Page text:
When it comes to the first-generation Chevrolet Camaro, no version is more collectible and valuable than the COPO ZL-1. Fitted with a race-spec 427-cubic-inch (7.0-liter) V8 and built in only 69 units, the COPO 9560 is a million-dollar classic in all-original condition.
Some call it the holy-grail Camaro.While not as rare, the COPO 427 (9561) is next in line regarding desirability. Powered by the solid-lifter L72 V8, it was first ordered by Don Yenko of Yenko Chevrolet. The company shipped 201 examples to Yenko, but Chevrolet ended up making about 1,000 units as other dealers became aware of the package.
But not all Camaro gearheads are crazy about the COPO versions. Some have a thing for the Z/28. Initially created as a homologation special for the SCCA Trans Am series, the Z/28 came with a much smaller engine, but it was loaded with special gear that turned into a track-ready machine.
Chevrolet debuted the Z/28 alongside the regular Camaro for the 1967 model year. Sales were low at 602 units but jumped to 7,199 examples in 1968. The nameplate became even more popular in 1969, moving 20,302 units or about 8.4% of total Camaro production. A massive figure compared to its main rival, the Ford Mustang Boss 302, which sold only 1,628 examples.
All told, the 1969 Camaro Z/28 is far from rare. But it’s a highly desirable classic thanks to its track-bred heritage and the fact that it’s based on the coolest and sportiest-looking model year of the pony car. As classic car prospector Dennis Collins says, “Every Chevrolet guy wants it.” And I’m mentioning Mr. Collins because he just unearthed a 1969 Camaro Z/28 that’s been sitting for a very long time in a garage in Ephesus, Georgia.
In the same family since 1971, the Z/28 hasn’t been driven on public roads for an unspecified number of years. But the license place suggests it was last registered in 2005, so that’s about 18 years of retirement. And surprisingly enough, the pony car is in excellent condition, with no rust issues inside and out and with all its factory features still intact. The list includes desirable features such as the Hurst shifter, the optional console with stacked gauges, and the rear spoiler.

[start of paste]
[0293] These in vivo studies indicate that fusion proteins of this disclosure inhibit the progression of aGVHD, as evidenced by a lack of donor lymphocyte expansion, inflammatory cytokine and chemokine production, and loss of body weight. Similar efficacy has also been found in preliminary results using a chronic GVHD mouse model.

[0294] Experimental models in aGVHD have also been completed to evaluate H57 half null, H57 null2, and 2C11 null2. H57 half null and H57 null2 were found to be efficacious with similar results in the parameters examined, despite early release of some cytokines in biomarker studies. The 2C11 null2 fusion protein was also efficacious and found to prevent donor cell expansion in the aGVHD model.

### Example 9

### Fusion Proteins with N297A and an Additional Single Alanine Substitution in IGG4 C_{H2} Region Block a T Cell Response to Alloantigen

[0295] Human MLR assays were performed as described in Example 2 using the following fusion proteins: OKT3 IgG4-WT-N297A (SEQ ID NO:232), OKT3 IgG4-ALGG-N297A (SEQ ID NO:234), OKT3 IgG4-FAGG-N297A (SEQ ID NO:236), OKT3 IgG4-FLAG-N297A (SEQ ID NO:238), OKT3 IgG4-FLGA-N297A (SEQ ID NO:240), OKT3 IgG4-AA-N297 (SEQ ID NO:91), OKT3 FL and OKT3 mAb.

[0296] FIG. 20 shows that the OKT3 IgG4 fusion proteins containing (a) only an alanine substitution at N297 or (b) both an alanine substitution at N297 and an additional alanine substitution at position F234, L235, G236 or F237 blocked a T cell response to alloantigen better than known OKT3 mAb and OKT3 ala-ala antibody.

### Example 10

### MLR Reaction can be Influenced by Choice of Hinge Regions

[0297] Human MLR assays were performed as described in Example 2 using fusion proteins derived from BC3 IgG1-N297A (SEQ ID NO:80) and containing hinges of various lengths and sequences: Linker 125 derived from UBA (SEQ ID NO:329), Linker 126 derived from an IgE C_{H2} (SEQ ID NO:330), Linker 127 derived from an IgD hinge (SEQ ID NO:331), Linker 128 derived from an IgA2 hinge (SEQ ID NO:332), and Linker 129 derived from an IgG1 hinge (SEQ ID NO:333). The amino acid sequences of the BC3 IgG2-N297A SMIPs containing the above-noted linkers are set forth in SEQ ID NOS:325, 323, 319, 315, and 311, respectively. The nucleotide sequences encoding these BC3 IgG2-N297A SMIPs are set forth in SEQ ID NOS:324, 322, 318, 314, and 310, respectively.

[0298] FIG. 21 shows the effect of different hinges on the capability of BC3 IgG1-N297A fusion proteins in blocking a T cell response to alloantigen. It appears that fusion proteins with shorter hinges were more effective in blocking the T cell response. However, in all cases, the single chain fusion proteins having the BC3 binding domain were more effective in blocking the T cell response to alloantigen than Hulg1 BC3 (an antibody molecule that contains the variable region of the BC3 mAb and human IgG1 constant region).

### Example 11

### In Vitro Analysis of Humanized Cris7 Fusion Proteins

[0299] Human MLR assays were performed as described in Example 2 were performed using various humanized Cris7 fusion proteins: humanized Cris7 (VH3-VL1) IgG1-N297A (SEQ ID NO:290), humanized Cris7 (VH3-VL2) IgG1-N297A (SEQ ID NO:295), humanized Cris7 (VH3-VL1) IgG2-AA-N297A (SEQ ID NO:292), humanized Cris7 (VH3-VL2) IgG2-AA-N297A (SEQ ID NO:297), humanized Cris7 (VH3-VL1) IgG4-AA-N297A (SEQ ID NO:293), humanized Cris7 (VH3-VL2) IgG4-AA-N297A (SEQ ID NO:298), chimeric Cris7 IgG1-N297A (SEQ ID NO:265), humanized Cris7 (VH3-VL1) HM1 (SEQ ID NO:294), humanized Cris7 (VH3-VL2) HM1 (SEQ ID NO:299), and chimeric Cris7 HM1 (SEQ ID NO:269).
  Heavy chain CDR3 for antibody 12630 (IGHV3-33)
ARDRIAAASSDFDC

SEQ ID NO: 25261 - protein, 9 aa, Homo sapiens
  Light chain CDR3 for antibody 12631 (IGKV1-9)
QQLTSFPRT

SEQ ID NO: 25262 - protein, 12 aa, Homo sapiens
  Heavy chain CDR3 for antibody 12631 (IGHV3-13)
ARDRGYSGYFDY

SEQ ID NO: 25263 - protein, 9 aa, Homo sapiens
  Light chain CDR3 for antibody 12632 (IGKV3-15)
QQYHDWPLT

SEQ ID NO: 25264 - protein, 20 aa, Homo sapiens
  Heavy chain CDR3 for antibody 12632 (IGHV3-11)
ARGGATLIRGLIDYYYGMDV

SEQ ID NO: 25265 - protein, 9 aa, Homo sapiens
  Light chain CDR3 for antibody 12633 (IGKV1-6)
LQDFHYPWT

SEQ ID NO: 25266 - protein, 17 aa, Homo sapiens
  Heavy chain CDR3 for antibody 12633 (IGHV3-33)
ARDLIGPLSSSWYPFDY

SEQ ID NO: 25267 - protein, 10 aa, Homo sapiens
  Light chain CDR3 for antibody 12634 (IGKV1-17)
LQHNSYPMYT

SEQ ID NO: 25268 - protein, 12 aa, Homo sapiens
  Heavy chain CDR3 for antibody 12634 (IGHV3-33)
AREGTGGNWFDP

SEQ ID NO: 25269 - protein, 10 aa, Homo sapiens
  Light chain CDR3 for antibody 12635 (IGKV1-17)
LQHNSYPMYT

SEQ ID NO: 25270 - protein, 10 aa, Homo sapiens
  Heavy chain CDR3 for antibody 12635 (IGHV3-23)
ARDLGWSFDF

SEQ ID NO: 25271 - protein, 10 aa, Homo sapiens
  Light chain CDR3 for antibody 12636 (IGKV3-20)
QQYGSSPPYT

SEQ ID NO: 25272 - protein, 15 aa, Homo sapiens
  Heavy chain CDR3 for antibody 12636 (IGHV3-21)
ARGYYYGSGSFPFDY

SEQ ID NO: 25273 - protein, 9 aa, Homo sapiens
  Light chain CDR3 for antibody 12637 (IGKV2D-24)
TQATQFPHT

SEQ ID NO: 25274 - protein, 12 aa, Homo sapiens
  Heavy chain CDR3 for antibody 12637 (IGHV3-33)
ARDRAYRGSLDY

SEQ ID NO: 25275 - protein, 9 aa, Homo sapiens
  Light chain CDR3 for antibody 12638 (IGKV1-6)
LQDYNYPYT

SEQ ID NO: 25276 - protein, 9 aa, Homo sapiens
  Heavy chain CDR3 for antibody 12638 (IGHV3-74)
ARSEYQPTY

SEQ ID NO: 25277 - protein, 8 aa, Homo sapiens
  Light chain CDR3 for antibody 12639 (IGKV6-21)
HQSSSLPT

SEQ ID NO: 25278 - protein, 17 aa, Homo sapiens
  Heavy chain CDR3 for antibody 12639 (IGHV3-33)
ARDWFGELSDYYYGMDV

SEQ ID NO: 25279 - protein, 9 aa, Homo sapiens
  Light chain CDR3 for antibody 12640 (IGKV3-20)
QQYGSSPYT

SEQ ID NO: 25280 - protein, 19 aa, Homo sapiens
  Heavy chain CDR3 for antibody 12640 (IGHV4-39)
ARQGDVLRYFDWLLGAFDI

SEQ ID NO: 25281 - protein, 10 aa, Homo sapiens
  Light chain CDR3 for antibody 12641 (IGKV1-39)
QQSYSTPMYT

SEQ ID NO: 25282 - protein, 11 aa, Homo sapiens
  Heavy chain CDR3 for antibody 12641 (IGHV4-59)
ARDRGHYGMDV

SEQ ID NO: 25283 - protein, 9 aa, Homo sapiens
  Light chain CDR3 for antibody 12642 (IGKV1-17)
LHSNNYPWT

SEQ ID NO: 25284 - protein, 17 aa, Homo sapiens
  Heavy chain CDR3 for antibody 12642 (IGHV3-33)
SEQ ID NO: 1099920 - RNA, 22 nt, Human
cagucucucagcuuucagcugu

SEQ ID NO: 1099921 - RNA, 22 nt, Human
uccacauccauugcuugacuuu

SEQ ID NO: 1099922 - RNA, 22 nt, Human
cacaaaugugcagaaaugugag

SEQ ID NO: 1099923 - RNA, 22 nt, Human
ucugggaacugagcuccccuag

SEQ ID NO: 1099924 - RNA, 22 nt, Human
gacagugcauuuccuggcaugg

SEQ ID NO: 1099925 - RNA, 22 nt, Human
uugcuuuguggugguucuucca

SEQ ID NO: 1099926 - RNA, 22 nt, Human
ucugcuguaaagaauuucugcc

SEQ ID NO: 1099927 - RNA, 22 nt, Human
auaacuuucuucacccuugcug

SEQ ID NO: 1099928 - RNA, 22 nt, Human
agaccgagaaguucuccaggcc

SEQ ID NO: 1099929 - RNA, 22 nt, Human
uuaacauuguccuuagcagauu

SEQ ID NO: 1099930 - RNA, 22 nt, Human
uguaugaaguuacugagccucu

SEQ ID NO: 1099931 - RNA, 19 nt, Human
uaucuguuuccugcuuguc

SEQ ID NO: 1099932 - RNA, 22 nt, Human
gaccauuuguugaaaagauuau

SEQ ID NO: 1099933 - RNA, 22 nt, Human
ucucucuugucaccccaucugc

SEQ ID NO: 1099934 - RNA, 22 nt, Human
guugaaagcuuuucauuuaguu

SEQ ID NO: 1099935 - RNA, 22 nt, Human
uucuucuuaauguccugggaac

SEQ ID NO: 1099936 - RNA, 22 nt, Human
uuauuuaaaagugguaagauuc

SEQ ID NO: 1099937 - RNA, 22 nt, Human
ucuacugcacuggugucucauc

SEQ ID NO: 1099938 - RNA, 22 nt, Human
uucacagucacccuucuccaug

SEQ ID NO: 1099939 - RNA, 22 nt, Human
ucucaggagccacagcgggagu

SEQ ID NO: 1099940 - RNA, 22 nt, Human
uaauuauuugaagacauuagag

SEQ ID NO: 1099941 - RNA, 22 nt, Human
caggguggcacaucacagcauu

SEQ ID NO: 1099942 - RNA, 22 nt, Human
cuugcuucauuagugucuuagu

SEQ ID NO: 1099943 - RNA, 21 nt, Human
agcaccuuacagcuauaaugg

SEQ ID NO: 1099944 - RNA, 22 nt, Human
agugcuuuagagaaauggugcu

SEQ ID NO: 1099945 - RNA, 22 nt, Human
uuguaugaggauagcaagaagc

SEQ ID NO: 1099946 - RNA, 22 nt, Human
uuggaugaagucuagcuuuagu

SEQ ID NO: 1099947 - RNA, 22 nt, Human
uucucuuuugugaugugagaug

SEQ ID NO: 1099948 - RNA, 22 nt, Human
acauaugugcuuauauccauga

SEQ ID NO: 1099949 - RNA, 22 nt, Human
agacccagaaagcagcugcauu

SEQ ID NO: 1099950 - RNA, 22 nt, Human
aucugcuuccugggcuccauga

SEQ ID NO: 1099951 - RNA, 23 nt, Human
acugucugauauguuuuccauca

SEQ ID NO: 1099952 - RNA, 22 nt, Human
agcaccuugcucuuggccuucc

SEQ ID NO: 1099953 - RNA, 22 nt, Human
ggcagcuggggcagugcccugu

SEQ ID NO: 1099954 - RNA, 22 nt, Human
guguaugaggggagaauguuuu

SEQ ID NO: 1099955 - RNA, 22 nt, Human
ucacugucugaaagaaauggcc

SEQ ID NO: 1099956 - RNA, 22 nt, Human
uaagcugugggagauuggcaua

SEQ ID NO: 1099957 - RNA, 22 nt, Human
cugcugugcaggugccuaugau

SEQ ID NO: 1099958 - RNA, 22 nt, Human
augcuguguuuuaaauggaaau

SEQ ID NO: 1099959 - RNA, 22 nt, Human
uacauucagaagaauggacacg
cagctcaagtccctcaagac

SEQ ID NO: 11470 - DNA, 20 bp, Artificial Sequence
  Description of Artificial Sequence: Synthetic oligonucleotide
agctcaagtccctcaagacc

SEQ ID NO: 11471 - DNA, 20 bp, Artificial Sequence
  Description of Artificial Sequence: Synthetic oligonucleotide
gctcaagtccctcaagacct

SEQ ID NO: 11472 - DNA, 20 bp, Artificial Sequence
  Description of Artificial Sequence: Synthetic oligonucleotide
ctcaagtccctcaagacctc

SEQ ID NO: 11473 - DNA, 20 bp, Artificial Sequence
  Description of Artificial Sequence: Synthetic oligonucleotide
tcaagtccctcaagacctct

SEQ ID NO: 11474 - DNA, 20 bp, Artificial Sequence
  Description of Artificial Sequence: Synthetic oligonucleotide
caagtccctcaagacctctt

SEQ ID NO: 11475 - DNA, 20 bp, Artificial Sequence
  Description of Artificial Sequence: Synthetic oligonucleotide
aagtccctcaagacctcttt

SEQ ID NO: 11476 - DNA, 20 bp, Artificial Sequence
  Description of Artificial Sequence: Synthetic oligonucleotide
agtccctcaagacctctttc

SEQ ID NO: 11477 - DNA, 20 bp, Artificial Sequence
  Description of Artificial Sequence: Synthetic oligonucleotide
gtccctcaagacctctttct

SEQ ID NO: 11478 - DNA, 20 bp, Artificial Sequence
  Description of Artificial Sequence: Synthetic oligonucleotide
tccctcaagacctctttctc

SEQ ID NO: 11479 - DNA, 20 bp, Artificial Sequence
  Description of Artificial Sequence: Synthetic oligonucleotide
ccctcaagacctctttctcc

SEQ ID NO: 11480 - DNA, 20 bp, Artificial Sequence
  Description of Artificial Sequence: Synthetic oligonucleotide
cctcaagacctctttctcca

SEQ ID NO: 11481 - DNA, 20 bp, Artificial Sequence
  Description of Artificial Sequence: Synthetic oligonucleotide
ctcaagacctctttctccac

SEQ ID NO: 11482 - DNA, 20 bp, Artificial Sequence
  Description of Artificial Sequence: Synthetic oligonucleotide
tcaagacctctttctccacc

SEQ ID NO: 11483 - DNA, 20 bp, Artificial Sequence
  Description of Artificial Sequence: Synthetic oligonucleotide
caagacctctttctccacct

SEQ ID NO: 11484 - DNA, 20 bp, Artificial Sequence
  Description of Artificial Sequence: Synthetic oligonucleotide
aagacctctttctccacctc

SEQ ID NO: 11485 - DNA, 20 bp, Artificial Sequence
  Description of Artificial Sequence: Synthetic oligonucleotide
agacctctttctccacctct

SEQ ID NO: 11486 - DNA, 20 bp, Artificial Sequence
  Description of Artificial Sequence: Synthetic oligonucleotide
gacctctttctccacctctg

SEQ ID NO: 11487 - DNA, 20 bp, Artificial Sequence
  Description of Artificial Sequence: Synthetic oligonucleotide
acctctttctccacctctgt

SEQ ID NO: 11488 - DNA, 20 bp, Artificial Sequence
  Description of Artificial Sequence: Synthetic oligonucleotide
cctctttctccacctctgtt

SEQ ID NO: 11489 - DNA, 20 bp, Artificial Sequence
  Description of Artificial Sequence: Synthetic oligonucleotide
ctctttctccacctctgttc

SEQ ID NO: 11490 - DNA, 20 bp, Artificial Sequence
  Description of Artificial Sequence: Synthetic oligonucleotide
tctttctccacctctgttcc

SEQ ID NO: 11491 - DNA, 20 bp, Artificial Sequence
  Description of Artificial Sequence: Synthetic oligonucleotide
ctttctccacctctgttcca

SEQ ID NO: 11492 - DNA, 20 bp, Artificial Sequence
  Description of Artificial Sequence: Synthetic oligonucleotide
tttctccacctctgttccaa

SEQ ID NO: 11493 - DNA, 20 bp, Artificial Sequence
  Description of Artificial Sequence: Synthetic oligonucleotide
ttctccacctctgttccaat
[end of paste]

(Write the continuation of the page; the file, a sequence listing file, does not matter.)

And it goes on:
However, it’s not one of those all-original survivors that collectors usually throw big money at. That’s because the original powerplant is no longer under the hood. It’s been replaced with a mill described as a “1973,” but our host doesn’t provide any info beyond that. Assuming it was sourced from a 1973 Camaro Z/28, it should be a 350-cubic-inch (5.7-liter) V8 rated at 245 horsepower. But it has nothing in common with what Chevy offered in the early iteration of the car.
That’s because the first-gen pony got a unique 302-cubic-inch (4.9-liter) powerplant; the displacement was dictated by SSCA Trans-Am regulations. Fitted with an aluminum intake manifold, a four-barrel carburetor, and a special crankshaft, it generated 290 horsepower and 290 pound-feet (393 Nm) of torque when new.
Well, the lack of an original engine is disappointing, but it’s not as bad as it seems. With so many 1969 Z/28s still out there, sourcing a period-correct “heart” shouldn’t be a big issue. And knowing Dennis Collins, he’ll probably get it sorted out while giving the Chevy a much-needed refresh. As far as I’m concerned, it’s the best kind of Camaro you can find in storage. How about you? Is the Z/28 your holy grail, or are you more into the drag-spec COPO ZL-1? Let me know in the comments.